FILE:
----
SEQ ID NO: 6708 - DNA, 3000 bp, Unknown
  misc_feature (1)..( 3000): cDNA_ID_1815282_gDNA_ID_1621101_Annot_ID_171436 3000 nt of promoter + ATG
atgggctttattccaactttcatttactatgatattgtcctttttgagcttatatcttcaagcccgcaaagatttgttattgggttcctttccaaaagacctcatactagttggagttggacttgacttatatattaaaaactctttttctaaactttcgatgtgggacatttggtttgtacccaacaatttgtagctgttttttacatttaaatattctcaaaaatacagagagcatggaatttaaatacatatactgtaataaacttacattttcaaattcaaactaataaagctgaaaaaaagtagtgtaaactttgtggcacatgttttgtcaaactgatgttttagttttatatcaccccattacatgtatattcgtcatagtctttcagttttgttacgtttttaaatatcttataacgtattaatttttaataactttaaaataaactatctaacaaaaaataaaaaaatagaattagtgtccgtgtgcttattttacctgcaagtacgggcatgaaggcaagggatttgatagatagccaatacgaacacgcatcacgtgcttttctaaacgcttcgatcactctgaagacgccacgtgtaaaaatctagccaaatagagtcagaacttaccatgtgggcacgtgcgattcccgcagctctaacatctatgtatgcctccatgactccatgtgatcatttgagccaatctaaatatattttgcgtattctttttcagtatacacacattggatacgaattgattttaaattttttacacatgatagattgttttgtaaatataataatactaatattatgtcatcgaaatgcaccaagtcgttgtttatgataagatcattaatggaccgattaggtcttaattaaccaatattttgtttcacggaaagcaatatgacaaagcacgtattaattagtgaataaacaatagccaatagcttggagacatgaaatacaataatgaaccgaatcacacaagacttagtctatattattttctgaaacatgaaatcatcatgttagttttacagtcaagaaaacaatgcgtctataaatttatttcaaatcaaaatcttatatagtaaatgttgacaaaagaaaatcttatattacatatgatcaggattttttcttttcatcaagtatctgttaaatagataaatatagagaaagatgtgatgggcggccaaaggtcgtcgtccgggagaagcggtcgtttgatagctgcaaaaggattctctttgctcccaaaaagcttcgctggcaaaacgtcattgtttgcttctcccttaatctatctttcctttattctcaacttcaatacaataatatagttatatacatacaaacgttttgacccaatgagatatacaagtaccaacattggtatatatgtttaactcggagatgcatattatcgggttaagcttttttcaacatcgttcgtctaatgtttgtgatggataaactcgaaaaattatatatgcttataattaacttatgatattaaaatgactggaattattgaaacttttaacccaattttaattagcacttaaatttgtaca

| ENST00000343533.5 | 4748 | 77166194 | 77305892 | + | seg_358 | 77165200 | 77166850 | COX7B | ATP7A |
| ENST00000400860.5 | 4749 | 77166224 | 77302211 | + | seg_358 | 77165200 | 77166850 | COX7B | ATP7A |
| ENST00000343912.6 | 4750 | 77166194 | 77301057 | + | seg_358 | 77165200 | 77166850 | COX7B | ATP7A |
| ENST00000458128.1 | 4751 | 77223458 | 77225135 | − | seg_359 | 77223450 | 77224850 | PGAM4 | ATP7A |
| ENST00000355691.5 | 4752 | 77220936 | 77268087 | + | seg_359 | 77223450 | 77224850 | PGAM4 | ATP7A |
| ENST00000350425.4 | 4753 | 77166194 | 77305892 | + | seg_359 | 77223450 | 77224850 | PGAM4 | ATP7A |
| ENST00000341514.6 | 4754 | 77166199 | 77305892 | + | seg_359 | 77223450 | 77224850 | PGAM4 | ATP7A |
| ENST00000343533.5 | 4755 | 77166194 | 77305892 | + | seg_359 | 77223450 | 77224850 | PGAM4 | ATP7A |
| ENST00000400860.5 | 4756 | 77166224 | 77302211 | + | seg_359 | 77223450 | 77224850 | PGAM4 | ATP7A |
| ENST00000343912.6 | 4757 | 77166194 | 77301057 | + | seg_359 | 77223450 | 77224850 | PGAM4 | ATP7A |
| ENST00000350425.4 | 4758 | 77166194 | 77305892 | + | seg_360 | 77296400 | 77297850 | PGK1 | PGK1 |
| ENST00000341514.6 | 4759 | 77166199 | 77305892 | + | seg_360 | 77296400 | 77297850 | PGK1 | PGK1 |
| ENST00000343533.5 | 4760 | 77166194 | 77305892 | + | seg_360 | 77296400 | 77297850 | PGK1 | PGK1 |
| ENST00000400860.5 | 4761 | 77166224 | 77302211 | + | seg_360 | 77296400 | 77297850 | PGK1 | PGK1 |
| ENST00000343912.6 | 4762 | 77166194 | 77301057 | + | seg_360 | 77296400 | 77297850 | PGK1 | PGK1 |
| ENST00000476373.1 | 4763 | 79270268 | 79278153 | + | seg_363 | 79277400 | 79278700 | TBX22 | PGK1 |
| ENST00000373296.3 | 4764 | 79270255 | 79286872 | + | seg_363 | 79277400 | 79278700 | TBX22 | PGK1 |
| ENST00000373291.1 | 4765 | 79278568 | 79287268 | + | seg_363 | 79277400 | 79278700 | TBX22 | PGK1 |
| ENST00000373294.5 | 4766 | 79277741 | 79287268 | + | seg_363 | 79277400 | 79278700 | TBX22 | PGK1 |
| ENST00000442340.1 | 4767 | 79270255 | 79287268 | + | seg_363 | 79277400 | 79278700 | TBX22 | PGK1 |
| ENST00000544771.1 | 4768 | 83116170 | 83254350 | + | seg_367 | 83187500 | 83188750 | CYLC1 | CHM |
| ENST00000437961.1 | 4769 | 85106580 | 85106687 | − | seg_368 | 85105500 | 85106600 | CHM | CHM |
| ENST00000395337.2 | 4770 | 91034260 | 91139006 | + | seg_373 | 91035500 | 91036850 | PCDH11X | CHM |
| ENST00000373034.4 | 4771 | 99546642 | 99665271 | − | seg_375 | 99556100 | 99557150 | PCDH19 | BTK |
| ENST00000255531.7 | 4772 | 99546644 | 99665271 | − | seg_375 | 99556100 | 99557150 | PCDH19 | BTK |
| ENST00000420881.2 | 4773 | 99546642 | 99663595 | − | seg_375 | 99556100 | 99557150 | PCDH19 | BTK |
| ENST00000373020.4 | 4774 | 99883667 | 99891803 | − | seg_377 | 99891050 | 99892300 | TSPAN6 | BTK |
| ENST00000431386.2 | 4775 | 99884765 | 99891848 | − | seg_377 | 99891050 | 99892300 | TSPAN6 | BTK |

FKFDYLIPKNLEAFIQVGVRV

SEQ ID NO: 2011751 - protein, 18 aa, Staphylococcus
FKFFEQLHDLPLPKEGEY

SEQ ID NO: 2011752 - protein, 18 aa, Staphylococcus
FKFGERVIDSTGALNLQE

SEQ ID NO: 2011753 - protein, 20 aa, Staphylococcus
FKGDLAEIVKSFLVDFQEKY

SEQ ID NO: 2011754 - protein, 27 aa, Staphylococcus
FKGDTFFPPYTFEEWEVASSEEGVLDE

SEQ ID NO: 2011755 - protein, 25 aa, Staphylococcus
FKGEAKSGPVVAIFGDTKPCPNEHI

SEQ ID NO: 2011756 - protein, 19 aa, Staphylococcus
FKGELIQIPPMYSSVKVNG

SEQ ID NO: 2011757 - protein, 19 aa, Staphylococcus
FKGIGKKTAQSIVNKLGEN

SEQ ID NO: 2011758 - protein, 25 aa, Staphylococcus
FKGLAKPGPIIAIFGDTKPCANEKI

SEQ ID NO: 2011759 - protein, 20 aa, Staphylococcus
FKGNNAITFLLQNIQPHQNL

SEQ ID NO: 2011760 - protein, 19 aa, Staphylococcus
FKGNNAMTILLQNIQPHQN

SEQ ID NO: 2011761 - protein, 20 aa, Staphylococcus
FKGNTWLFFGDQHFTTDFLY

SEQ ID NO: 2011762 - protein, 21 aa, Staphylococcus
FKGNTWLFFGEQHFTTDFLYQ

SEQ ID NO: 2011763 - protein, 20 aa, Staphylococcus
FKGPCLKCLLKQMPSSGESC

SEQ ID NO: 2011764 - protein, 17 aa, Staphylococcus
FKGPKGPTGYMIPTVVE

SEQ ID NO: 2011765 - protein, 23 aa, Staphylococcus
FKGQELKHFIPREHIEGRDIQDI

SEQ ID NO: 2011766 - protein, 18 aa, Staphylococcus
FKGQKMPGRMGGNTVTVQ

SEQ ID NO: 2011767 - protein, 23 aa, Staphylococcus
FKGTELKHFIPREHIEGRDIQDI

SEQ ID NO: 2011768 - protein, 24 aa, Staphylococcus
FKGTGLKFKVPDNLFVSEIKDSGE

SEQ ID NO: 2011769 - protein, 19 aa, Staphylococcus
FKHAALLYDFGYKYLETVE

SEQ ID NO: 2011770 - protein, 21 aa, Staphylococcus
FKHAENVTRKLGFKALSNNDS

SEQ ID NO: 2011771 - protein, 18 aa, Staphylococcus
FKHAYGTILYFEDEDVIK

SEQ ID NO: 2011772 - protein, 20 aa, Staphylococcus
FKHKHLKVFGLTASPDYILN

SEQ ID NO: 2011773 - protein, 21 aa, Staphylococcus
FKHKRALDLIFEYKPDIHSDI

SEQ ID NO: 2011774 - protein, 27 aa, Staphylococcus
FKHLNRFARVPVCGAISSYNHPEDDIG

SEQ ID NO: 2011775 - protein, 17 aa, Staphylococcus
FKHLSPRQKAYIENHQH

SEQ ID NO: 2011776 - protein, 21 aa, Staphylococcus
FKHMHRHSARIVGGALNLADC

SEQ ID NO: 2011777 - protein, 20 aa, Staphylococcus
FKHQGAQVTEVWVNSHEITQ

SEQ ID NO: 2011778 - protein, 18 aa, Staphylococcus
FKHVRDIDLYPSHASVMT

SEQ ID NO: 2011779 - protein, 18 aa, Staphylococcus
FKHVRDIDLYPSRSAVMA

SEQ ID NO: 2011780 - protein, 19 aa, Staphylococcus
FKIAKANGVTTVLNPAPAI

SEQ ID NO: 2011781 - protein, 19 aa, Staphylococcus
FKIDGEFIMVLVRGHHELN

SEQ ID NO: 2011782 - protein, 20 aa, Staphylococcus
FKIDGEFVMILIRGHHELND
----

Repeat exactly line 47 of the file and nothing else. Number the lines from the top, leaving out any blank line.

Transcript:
SEQ ID NO: 2011758 - protein, 25 aa, Staphylococcus